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Biodesign's Rittmann offers promising perspectives on society's energy challenge

y, environment, and food stems from the very factor that makes life on Earth possible: the sun.

"The good news is that we have plenty of energy from the sun. Every day, the sun sends to the earth's surface about 173,000 terawatts of energy, or more than 10,000 times more that is used by human society. So, we have a lot of what we like to call 'upside potential' for capturing sunlight energy."

Up to now, harnessing the energy of the sun has proven to be technically and socially challenging. In particular, approaches to make biofuels from crops such as corn have been met with skepticism in recent days.

"When people think of capturing sunlight energy in biomass, they focus on plants, which are familiar. However, plants are quite inefficient at capturing sunlight energy and turning it into biomass that can be used a fuel," Rittmann explains. As a result, plants could provide only a tiny fraction of our society's energy needs. "Obviously, we need the plants for producing food and sustaining natural ecosystems. Plants simply fail the scalability, environmental, and food tests."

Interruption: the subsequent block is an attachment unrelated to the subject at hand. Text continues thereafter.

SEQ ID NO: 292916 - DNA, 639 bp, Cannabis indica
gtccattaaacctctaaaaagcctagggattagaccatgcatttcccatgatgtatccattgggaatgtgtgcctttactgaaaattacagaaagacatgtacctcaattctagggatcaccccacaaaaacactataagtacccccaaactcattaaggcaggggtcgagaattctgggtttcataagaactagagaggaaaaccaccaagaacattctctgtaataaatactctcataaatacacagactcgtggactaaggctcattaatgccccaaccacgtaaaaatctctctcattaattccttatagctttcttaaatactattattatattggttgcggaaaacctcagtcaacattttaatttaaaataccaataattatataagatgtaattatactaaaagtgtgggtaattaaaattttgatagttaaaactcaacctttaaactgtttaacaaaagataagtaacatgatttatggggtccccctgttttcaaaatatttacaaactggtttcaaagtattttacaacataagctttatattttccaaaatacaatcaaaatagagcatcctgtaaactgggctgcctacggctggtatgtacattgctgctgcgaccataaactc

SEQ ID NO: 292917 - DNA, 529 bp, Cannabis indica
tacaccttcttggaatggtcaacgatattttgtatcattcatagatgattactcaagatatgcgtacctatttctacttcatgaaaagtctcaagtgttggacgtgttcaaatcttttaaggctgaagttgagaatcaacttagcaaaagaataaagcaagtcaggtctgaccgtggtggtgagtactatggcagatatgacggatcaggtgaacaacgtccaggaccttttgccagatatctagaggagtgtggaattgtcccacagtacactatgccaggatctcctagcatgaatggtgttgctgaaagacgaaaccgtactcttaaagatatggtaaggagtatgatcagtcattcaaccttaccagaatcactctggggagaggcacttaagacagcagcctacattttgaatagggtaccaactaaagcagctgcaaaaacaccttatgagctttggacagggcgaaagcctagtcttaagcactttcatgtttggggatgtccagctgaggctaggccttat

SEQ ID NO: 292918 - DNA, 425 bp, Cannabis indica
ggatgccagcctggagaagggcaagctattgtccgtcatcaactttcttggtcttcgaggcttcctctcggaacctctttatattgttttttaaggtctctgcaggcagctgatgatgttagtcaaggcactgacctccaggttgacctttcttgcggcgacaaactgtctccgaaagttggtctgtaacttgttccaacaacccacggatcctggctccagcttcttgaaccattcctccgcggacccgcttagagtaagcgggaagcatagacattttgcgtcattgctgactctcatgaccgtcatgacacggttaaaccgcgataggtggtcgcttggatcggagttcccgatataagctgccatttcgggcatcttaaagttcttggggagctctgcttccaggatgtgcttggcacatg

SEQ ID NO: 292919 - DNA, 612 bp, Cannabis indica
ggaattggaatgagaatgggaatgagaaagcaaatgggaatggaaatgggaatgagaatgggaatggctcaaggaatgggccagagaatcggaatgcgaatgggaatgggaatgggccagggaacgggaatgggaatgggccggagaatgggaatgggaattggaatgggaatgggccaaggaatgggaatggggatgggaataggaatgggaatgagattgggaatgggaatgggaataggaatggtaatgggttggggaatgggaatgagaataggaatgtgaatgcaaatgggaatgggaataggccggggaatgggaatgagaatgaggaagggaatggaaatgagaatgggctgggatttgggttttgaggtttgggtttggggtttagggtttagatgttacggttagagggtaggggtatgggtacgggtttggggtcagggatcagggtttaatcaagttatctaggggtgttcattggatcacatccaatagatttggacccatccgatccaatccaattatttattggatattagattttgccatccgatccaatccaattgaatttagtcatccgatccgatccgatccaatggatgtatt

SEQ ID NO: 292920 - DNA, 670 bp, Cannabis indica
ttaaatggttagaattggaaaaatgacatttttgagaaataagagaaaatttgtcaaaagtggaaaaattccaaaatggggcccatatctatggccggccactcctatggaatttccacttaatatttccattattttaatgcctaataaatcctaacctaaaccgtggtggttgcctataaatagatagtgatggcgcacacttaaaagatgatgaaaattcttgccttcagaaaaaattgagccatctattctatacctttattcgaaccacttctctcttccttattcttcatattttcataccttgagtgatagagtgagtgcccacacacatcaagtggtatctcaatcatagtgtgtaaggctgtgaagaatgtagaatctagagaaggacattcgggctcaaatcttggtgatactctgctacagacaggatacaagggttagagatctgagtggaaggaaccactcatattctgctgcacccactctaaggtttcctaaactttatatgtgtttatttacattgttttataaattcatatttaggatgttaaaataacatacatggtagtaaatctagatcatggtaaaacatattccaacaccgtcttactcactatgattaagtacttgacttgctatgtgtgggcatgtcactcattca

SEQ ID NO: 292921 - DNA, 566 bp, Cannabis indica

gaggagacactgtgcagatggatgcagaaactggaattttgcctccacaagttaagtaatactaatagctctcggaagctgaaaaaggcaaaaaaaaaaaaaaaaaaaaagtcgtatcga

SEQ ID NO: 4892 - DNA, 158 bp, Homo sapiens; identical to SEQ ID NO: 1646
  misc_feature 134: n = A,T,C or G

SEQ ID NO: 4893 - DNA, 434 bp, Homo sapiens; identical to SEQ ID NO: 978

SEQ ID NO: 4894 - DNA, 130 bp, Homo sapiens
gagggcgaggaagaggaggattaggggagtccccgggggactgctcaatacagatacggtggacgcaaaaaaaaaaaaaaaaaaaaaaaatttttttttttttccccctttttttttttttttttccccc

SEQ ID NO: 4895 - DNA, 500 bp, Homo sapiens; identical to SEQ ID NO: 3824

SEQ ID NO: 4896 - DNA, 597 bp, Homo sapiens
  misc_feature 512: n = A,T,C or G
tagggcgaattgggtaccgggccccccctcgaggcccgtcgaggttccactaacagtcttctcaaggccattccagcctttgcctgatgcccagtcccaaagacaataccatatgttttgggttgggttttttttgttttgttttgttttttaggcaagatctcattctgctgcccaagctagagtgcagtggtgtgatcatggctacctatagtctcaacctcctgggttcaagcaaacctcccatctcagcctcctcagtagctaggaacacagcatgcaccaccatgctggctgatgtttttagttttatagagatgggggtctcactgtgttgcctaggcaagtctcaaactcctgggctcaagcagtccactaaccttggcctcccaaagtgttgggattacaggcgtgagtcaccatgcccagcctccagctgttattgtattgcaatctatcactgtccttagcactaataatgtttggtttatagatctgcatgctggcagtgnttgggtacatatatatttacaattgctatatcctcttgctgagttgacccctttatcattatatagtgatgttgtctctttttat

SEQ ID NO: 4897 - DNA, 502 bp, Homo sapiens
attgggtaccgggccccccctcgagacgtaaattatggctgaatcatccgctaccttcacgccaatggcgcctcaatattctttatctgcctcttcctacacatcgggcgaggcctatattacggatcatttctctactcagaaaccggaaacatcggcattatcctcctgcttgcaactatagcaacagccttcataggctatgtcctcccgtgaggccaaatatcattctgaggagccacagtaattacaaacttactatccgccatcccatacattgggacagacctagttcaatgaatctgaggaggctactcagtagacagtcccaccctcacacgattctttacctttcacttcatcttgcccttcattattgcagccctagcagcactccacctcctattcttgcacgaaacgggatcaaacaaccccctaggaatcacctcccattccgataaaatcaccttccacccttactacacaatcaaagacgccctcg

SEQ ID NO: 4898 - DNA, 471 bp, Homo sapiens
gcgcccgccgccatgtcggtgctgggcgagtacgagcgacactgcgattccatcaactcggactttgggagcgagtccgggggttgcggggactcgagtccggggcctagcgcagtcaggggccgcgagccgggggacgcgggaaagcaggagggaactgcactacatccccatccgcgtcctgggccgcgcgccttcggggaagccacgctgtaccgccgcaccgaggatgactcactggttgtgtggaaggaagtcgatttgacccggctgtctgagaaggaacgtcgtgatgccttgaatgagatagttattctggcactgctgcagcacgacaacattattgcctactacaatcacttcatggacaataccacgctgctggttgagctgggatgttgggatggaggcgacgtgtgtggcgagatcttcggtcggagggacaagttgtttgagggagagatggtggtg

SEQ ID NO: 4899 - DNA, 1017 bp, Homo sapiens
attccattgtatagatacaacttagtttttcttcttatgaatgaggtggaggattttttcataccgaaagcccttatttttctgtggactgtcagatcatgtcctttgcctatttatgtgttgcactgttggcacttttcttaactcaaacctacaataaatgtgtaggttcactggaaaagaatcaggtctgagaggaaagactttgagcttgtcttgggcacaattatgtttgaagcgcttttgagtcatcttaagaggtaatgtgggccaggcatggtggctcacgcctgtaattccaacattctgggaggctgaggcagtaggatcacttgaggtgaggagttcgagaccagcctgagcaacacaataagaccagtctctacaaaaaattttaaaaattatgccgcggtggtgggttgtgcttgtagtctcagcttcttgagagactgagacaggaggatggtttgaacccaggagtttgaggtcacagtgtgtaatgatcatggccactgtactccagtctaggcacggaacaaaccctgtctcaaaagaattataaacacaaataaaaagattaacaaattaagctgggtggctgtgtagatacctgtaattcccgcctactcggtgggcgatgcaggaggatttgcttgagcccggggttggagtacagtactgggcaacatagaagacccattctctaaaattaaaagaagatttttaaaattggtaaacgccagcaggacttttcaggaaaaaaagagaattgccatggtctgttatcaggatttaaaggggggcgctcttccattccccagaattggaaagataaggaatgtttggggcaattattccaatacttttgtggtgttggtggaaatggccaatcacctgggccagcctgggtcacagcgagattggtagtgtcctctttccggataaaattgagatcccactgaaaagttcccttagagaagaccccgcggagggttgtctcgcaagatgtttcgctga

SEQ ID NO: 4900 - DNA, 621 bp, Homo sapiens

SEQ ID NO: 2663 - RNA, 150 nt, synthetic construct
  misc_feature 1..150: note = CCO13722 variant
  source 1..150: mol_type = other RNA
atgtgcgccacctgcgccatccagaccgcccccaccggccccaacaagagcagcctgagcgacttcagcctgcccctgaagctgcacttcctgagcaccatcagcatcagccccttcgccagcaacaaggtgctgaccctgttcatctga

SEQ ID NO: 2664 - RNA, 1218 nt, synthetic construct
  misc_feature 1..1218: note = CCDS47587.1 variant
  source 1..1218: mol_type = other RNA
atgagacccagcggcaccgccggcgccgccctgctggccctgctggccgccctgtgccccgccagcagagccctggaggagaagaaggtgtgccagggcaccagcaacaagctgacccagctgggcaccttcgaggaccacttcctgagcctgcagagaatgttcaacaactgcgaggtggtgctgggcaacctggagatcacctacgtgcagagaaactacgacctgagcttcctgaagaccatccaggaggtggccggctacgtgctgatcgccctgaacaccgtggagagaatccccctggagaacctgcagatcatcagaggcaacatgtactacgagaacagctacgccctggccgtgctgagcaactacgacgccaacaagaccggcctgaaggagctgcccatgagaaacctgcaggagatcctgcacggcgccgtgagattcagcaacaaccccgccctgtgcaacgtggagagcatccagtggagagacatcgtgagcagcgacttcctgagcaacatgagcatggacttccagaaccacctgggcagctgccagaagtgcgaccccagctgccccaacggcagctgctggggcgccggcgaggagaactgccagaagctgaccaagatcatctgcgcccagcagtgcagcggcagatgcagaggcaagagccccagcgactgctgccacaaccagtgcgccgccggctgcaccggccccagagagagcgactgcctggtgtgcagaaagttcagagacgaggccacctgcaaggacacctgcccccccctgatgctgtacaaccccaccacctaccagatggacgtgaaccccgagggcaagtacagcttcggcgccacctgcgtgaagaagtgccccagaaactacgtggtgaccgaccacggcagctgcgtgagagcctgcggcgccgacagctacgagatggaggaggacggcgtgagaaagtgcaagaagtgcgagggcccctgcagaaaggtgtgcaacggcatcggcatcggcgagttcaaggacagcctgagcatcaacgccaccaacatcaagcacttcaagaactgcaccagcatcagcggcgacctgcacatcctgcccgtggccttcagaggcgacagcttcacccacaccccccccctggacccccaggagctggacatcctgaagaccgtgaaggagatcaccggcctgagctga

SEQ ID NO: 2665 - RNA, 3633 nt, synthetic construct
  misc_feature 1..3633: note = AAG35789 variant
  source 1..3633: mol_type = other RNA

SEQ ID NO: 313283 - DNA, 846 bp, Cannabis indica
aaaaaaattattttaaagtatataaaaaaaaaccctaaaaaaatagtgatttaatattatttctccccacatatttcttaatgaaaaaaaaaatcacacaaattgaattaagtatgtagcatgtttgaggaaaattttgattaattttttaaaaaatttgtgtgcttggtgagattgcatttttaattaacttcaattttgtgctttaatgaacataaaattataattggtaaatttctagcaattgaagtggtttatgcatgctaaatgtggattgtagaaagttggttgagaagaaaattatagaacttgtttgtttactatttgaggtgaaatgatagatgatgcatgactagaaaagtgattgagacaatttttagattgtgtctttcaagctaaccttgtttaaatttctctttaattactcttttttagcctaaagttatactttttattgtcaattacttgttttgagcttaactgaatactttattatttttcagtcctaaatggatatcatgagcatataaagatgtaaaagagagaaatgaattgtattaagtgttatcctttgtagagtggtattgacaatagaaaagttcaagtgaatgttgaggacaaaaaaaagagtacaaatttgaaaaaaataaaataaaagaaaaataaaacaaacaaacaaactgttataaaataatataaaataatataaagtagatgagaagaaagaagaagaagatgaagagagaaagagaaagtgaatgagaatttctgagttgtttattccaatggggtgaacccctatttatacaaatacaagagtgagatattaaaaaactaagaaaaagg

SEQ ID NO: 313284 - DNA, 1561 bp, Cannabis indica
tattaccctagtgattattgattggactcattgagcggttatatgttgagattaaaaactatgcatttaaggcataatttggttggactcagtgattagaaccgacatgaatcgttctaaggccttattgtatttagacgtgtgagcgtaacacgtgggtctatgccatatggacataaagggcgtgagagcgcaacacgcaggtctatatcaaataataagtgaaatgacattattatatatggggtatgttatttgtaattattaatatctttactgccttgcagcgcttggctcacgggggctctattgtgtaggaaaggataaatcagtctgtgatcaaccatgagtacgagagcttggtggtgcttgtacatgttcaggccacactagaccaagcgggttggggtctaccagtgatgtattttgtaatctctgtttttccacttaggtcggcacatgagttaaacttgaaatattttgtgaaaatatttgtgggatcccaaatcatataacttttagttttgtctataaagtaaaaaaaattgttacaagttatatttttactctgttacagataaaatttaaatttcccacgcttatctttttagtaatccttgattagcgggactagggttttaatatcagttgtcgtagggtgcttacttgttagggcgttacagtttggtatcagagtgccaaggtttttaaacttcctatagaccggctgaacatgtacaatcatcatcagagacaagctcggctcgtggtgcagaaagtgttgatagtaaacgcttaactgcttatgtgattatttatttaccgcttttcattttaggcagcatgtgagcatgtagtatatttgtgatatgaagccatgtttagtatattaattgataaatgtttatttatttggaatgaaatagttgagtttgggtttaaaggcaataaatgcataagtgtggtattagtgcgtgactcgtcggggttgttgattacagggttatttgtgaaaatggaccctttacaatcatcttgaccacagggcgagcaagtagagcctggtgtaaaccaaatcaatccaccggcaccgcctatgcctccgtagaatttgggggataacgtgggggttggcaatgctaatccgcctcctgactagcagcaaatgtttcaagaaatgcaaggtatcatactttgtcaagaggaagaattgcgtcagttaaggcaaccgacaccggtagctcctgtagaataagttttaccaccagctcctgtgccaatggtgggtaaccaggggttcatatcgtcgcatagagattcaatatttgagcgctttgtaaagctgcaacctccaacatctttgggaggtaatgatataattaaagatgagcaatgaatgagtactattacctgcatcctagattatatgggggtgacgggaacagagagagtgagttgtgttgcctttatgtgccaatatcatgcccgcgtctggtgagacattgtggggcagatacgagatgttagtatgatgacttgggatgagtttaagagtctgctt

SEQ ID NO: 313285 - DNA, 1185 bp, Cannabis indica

In contrast, microoganisms, the smallest forms of life on Earth, can meet the scalability and environmental tests. Rittmann sees a vast untapped potential of using microbes in service to society to meet our energy challenges.

"Photosynthetic bacteria can capture sunlight energy at rates 100 times or more greater than plants, and they do not compete for arable land," Rittmann said. This high rate of energy capture means that renewable biofuels can be generated in quantities that rival our current use of fossil fuels.

In addition, non-photosynthetic microorganisms are capable of converting the energy value of all kinds of biomass, including wastes, into readily useful energy forms, such as methane, hydrogen, and electricity.

"Microorganisms can provide just the services our society needs to move from fossil fuels to renewable

Contact: Joe Caspermeyer
Arizona State University

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Biodesign's Rittmann offers promising perspectives on society's energy challenge
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